Cristian Opris added a comment - Jonathan, how do you plan fitting CAS into Paxos ? Paxos would give consensus, but what would the consesus be on ? The value to write ? Is the CAS run at each replica or just the proposer ? How do you make sure when you run CAS locally you have actually learned the previous consensus value (to compare expected with) ?
        Hide
        Cristian Opris added a comment -

        I believe UPDATE statements in SQL return the number of rows affected. You could do the same here (for however you define "row" in CQL)

        Show
        Cristian Opris added a comment - I believe UPDATE statements in SQL return the number of rows affected. You could do the same here (for however you define "row" in CQL)
        Hide
        Jonathan Ellis added a comment -

        A more-complete sketch of the coordinator side:

        .   /**
             * Apply @param updates if and only if the current values in the row for @param key
             * match the ones given by @param old.  The algorithm is "raw" Paxos: that is, Paxos
             * minus leader election -- any node in the cluster may propose changes for any row,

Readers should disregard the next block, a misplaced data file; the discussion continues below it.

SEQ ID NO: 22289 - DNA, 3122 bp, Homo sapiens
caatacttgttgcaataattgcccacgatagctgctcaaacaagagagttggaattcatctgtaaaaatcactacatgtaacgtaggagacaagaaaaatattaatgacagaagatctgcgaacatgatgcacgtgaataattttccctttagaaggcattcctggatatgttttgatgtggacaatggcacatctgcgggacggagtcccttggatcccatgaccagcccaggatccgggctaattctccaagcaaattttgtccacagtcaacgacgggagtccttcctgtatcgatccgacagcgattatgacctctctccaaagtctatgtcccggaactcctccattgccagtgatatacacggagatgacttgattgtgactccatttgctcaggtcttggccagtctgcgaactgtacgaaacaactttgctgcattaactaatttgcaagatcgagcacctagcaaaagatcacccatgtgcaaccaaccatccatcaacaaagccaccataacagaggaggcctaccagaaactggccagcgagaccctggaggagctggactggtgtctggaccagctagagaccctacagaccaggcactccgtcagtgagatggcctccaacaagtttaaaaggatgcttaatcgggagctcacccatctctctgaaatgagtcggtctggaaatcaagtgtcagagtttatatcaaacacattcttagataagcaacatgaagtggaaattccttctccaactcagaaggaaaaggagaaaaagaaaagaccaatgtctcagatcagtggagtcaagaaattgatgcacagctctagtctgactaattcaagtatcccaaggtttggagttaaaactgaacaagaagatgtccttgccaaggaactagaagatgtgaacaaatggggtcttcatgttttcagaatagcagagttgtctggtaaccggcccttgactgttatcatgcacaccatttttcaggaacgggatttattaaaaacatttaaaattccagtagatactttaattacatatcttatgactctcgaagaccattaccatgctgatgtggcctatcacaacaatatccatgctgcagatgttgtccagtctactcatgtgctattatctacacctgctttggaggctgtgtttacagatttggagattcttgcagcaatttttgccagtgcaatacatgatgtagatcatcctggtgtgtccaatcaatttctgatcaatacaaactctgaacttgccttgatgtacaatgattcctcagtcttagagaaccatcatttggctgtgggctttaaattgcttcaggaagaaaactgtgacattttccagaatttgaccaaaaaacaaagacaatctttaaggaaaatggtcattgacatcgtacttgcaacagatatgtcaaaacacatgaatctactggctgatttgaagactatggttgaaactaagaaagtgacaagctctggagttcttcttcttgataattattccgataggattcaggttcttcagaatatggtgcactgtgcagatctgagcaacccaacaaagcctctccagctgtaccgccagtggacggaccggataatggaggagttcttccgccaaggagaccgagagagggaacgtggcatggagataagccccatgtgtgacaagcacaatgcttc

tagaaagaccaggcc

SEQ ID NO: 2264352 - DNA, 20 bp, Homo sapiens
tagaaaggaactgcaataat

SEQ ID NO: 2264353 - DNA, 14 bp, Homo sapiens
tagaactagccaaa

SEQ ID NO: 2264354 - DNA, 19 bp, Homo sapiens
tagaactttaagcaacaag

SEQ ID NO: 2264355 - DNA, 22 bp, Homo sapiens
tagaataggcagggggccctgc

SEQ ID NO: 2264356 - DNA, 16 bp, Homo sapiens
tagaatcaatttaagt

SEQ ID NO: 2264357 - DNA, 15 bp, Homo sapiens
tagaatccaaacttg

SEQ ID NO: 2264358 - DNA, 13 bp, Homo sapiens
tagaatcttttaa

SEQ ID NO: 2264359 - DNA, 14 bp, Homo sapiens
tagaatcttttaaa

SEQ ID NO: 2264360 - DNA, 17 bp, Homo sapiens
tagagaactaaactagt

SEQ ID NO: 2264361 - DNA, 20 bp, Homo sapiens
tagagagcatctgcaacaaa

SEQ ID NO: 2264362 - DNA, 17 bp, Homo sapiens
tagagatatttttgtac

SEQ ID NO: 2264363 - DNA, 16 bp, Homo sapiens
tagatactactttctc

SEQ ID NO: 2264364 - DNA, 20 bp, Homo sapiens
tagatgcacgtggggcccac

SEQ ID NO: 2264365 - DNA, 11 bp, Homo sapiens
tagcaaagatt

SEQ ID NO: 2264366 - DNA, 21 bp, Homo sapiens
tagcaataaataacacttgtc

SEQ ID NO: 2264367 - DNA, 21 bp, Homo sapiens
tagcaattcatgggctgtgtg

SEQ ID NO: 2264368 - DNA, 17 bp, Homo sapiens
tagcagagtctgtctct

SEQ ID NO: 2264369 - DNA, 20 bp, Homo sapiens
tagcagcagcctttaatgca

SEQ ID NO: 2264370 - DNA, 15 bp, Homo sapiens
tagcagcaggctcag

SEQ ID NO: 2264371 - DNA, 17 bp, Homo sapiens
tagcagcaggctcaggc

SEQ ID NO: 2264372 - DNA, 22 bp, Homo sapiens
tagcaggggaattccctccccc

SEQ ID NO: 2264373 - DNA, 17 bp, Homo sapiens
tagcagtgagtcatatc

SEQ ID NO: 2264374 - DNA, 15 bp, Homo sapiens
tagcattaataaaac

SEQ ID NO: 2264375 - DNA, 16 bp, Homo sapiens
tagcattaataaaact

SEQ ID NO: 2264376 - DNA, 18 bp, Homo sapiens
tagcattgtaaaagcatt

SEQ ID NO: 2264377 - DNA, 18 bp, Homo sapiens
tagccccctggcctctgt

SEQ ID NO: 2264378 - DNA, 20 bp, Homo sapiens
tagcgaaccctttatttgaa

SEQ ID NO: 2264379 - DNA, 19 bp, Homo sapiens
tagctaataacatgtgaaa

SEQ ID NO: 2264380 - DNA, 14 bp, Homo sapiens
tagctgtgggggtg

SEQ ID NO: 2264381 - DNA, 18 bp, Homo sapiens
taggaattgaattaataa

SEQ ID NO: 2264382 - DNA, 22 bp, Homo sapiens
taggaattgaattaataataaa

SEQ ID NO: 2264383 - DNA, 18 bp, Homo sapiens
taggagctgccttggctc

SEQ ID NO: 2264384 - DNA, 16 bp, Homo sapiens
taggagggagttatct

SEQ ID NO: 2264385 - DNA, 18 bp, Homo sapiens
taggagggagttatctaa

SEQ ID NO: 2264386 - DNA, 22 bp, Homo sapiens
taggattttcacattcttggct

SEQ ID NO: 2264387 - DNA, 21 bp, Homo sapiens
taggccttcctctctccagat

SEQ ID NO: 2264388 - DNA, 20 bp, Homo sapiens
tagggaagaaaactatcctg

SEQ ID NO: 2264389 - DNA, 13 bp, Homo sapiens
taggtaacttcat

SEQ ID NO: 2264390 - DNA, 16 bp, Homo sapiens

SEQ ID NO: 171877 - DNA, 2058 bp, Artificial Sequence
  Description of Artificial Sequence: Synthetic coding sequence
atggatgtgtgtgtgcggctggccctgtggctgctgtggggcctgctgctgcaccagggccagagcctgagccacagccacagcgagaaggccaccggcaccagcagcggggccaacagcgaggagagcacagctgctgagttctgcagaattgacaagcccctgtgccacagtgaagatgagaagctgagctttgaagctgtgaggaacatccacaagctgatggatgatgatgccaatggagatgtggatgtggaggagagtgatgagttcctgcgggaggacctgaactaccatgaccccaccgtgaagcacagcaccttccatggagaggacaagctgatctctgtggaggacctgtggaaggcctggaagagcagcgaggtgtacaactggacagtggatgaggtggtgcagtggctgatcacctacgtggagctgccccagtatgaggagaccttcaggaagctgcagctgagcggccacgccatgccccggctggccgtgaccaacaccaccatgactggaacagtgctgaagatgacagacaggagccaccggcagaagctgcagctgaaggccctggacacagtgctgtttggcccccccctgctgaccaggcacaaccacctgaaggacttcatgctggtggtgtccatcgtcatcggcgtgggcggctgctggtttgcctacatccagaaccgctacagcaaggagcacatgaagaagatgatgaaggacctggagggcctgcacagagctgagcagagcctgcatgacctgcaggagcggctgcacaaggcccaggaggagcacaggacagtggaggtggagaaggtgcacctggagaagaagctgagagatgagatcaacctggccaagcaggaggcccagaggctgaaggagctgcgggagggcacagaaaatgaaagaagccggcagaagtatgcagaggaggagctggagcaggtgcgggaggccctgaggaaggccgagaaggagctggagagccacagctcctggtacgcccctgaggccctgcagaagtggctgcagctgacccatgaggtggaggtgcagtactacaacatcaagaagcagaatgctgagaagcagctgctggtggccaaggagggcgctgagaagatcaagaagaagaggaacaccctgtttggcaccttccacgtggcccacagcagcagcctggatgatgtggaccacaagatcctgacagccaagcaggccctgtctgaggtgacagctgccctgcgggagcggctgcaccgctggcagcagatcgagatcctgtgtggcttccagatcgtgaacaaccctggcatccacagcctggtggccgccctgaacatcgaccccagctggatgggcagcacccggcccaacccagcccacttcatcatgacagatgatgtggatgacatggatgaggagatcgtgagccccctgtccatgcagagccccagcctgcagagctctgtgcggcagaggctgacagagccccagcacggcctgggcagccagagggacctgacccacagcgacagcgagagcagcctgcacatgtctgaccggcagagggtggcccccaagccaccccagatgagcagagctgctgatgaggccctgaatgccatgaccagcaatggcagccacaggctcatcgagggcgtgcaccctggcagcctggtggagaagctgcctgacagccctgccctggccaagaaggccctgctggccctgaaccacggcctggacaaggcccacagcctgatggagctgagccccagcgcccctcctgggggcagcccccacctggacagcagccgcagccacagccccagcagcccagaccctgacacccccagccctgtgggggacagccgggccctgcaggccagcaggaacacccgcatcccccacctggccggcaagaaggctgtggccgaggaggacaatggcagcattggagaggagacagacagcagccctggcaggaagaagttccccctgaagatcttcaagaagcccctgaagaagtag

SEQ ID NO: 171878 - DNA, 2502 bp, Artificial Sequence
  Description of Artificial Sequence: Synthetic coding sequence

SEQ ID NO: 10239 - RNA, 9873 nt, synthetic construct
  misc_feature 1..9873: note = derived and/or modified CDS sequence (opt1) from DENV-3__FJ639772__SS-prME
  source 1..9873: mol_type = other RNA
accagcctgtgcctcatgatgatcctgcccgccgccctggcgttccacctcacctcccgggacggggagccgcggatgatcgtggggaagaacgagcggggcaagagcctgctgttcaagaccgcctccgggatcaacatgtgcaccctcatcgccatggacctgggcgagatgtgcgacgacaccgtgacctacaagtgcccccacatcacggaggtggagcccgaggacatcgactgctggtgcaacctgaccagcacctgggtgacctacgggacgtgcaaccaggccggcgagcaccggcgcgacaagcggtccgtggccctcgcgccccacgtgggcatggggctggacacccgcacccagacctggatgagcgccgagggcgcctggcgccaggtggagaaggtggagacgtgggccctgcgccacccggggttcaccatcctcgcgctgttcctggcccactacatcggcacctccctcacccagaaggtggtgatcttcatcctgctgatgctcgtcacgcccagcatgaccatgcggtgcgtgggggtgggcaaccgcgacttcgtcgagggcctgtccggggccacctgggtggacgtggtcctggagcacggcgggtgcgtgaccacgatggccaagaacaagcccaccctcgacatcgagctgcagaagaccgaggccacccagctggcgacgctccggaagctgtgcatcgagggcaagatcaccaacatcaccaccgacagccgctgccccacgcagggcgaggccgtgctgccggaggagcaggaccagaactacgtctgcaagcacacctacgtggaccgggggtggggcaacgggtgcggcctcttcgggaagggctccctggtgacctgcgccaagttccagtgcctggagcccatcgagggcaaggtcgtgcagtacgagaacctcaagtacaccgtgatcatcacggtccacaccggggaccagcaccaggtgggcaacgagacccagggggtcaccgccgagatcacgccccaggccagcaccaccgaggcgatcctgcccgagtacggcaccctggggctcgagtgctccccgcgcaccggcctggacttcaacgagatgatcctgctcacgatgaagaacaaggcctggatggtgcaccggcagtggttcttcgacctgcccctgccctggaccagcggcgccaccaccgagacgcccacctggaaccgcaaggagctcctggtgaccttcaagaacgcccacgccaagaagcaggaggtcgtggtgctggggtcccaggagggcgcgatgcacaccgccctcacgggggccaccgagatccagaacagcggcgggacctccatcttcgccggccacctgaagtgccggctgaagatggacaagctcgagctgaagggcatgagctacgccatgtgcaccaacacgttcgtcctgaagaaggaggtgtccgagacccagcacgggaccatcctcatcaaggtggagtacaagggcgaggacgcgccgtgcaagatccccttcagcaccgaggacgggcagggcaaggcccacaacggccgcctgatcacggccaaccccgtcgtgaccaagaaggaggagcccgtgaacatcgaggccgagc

* which (that is, the row) is the unit of values being proposes, not single columns.
             *
             * The Paxos cohort is only the replicas for the given key, not the entire cluster.
             * So we expect performance to be reasonable, but CAS is still intended to be used
             * "when you really need it," not for all your updates.
             *
             * There are three phases to Paxos:
             *  1. Prepare: the coordinator generates a ballot (timeUUID in our case) and asks replicas to (a) promise
             *     not to accept updates from older ballots and (b) tell us about the most recent update it has already
             *     accepted.
             *  2. Accept: if a majority of replicas reply, the coordinator asks replicas to accept the value of the
             *     highest proposal ballot it heard about, or a new value if no in-progress proposals were reported.
             *  3. Commit (Learn): if a majority of replicas acknowledge the accept request, we can commit the new
             *     value.
             *
             *  Commit procedure is not covered in "Paxos Made Simple," and only briefly mentioned in "Paxos Made Live,"
             *  so here is our approach:
             *   3a. The coordinator sends a commit message to all replicas with the ballot and value.